Susan Bonnell Helps USD Nursing Students Broaden Their Horizons

Susan Bonnell


At some point during the roughly 13-hour flight (give or take a few layovers) from San Diego to the Cibao International Airport in the Dominican Republic, Associate Professor Susan Bonnell, PhD, tells the Hahn School of Nursing and Health Science students joining her to expect two things: 1.) The experience of providing care to underserved communities will be one of the most transformative of their lives; and 2.) On this trip, they will encounter some of the most gracious, considerate people they will ever meet. 

For Bonnell, the arduous journey to El Cercado — a rustic township tucked away in the country’s mountainous eastern province — during USD’s Intersession has become something much more than a call to help those less fortunate. It’s a passion that’s based on a simple, yet universal philosophy: Everyone deserves to live a healthy, happy life.

“It’s a very loving, warm place. I tell students that when we’re on our way there,” says Bonnell, who earned her bachelor’s, master’s and PhD degrees at USD, and has been a registered nurse for more than 40 years. “We don’t have hot water, and we don’t always have electricity, but the payoff is collaborating within the community to create opportunities which may lead to healthier lives.”

Each January for the past 14 years, Bonnell has been a part of an annual pilgrimage from Alcalá Park to the Dominican Republic focused on providing health and wellness checks to isolated communities in the country’s frontier region. The effort — known as the International Nursing: Dominican Republic mission trip — teams students from the Master’s Entry Nursing Program (MEPN), Advanced Practice Nursing (APN) programs and both of the doctoral preparation programs: the DNP and PhD, at the Hahn School of Nursing and Beyster Institute of Nursing Research to provide well-child examinations to the roughly 400 children who attend El Cercado’s Francisco Fe Y Alegria, a parochial school founded by Father John Cervini, the town’s Catholic parish priest.

“We’ve been coming to the Dominican Republic since 2003, but we haven’t always been in the same community,” Bonnell explains. “We were looking for a new community to engage with, and Father Cervini invited me bring students there to work. The citizens greeted us warmly when we first arrived, but they were also a little leery of outsiders. It took one or two years to earn their trust.”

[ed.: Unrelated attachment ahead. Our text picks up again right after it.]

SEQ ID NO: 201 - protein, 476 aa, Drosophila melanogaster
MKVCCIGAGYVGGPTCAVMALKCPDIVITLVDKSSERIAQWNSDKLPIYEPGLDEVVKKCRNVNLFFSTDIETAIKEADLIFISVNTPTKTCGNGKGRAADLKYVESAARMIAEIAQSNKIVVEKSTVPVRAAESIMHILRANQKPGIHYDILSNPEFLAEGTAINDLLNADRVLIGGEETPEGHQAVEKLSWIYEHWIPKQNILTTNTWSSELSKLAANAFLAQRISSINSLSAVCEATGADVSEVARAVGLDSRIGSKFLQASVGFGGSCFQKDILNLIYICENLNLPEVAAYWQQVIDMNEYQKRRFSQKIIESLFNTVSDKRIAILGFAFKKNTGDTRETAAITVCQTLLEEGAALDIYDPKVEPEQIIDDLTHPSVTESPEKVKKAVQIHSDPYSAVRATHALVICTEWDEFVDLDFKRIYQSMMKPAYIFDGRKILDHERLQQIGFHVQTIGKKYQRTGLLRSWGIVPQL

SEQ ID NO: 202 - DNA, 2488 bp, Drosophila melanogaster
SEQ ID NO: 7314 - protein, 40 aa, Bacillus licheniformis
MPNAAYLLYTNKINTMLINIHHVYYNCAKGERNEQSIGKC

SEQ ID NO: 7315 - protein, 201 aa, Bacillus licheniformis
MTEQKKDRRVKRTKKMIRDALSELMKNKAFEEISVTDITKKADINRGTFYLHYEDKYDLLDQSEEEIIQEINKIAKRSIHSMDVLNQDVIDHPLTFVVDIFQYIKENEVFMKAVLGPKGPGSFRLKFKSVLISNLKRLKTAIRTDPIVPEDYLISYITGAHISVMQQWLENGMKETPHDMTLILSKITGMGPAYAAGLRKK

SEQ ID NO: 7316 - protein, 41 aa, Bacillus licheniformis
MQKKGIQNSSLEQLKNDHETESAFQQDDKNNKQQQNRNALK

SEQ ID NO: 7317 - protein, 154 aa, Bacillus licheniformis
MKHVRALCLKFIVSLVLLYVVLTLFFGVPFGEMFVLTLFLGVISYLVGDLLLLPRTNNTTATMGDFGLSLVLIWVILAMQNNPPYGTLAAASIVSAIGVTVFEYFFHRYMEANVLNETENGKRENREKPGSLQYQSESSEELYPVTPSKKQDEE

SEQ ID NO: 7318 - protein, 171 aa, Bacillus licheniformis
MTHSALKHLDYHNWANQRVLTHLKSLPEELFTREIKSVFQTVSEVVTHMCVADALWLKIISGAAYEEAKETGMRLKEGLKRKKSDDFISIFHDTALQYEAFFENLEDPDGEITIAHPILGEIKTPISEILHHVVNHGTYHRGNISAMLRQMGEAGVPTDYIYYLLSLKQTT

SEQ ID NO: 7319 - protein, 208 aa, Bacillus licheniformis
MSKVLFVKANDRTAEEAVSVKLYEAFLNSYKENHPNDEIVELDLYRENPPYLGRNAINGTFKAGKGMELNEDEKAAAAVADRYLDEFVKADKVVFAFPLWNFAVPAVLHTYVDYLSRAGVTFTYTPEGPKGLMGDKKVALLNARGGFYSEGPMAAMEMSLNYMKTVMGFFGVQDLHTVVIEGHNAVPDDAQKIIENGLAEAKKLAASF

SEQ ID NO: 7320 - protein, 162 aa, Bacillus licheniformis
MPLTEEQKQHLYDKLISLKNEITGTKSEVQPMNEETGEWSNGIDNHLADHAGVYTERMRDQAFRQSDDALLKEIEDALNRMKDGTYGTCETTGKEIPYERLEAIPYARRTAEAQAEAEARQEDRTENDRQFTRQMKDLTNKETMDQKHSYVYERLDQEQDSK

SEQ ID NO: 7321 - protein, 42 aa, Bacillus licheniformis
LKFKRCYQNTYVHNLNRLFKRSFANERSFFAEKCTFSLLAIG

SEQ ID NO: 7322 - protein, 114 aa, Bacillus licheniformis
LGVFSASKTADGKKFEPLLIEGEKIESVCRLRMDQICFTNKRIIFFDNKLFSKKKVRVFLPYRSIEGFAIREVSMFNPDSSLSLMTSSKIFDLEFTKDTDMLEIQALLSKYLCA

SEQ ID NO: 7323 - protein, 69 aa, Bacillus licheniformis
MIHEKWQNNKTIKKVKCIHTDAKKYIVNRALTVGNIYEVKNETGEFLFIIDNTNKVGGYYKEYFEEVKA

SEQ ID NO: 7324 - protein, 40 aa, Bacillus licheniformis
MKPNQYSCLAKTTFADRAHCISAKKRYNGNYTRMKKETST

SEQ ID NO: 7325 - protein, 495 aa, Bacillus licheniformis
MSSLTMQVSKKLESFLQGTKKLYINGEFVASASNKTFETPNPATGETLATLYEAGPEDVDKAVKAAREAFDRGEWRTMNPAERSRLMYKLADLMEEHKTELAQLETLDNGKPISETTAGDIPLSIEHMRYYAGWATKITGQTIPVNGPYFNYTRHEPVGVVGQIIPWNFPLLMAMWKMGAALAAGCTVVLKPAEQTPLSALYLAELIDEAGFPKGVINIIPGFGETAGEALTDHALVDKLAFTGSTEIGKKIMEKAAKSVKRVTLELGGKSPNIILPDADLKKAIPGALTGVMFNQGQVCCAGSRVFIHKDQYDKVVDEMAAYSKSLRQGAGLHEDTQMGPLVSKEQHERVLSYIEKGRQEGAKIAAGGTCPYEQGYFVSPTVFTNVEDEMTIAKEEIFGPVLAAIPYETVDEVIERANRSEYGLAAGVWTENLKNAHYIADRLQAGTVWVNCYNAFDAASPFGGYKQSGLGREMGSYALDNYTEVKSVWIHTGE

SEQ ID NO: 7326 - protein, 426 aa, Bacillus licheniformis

Bonnell’s patient-first, collaborative focus made the immersion process much easier, and allowed her to work closely with the area’s female population, who had expressed their concerns about malnutrition among their children, and a nationally higher-than-normal maternal-infant mortality rate. After reviewing the literature and compiling regional public health statistics, Bonnell and her student team discovered some alarming trends. “Several of the community’s women had died in childbirth, and the families were struggling to understand what was happening,” Bonnell says. “We determined that women in the third trimester of pregnancy were not recognizing danger signs, failing to seek late pregnancy prenatal care and failing to connect with the local physician.”

To help stem the disturbing trend of maternal deaths, Bonnell and her students developed a program designed to educate and empower lay community health care workers (CHW). A backpack with the necessary equipment such as blood pressure, blood glucose and hemoglobin monitors, as well as urinalysis capabilities, was assembled for the CHW to help monitor both maternal physical and psychosocial health. A cell phone “app” was developed to track third trimester data collection, and to identify red flags for immediate communication by the CHW with the physician in town.

The way Bonnell sees it, the process was successful because there was buy-in from community members. “We likely saved two mothers and their babies, thanks to the work of my students and the involvement of the community. You break down barriers by involving them in the process, and helping them realize that, ultimately, they are the ones making the decisions about their health and well-being.”

Each trip brings new successes, new failures, and new growth opportunities for every member of the Dominican Republic mission trip. That’s the joy of an education that challenges both students and faculty members to apply everything they’ve learned in the classroom for the common good of the community they support. “We had 23 students in this last group, and 18 came over to my house afterward,” Bonnell says. “We talked about what worked, what didn’t, and what we can do to make it better moving forward.

“This isn’t my project, this is our project. Everyone matters.”

— Mike Sauer